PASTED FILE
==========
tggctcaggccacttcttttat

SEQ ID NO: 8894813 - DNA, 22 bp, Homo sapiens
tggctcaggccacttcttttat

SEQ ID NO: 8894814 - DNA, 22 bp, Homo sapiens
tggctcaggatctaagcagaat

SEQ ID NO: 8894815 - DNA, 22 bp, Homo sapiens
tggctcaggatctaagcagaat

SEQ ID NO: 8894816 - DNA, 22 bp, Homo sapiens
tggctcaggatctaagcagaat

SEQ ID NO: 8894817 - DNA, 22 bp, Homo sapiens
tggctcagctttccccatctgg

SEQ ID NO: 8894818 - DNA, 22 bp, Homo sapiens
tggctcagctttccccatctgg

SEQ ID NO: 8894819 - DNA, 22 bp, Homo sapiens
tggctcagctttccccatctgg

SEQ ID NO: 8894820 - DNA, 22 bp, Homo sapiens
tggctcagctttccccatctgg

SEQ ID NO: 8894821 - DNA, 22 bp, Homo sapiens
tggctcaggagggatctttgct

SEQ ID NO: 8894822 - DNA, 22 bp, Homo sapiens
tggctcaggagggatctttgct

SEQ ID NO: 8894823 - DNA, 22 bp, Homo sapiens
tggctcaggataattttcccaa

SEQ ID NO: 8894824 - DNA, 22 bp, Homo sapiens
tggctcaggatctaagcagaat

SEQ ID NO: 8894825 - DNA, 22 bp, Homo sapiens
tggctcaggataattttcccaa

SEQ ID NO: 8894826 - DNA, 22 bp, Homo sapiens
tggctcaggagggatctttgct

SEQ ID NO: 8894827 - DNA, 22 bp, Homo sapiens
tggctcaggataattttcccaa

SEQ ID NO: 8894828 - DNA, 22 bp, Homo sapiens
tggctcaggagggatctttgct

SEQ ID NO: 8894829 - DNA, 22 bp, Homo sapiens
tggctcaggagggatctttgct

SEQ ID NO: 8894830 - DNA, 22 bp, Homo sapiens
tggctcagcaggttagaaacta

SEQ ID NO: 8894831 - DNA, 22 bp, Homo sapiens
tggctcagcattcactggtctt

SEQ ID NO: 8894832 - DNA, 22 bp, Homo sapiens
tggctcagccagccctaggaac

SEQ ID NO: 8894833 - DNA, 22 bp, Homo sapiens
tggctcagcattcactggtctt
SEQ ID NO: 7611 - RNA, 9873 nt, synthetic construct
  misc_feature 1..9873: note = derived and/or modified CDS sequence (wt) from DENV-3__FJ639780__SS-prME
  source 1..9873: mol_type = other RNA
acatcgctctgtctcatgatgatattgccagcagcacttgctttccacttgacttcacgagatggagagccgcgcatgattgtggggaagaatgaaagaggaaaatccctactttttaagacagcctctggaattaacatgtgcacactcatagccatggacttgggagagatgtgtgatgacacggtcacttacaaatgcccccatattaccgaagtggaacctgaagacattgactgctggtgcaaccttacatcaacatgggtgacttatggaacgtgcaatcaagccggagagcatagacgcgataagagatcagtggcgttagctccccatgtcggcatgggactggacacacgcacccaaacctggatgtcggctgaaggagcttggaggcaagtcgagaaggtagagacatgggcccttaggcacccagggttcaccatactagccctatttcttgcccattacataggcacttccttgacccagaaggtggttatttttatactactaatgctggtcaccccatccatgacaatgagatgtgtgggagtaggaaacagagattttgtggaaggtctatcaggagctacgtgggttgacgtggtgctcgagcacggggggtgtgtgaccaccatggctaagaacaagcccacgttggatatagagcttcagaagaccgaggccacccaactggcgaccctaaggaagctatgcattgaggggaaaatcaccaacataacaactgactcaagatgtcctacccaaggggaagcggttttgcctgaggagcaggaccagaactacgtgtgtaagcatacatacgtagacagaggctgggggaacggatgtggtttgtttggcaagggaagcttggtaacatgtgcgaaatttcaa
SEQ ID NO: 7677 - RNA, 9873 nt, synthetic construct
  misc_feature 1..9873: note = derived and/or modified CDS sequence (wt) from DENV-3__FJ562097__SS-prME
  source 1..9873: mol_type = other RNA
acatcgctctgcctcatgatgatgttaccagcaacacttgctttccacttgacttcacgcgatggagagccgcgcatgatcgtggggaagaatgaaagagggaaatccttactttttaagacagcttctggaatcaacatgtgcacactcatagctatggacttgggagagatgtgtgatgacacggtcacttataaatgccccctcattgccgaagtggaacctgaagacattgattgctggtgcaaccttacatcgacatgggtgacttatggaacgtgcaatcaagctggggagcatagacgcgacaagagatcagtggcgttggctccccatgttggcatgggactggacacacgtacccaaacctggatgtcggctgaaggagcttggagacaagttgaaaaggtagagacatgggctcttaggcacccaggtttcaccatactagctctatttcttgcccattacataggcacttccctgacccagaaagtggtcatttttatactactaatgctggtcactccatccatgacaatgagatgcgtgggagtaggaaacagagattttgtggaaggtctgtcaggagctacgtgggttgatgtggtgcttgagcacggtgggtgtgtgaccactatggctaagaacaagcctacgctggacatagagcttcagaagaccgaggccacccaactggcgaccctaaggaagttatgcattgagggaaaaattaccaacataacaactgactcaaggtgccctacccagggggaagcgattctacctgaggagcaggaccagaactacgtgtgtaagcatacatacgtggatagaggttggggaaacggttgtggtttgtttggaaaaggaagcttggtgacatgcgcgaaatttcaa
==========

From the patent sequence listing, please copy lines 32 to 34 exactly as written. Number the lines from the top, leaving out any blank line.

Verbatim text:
SEQ ID NO: 8894828 - DNA, 22 bp, Homo sapiens
tggctcaggagggatctttgct

SEQ ID NO: 8894829 - DNA, 22 bp, Homo sapiens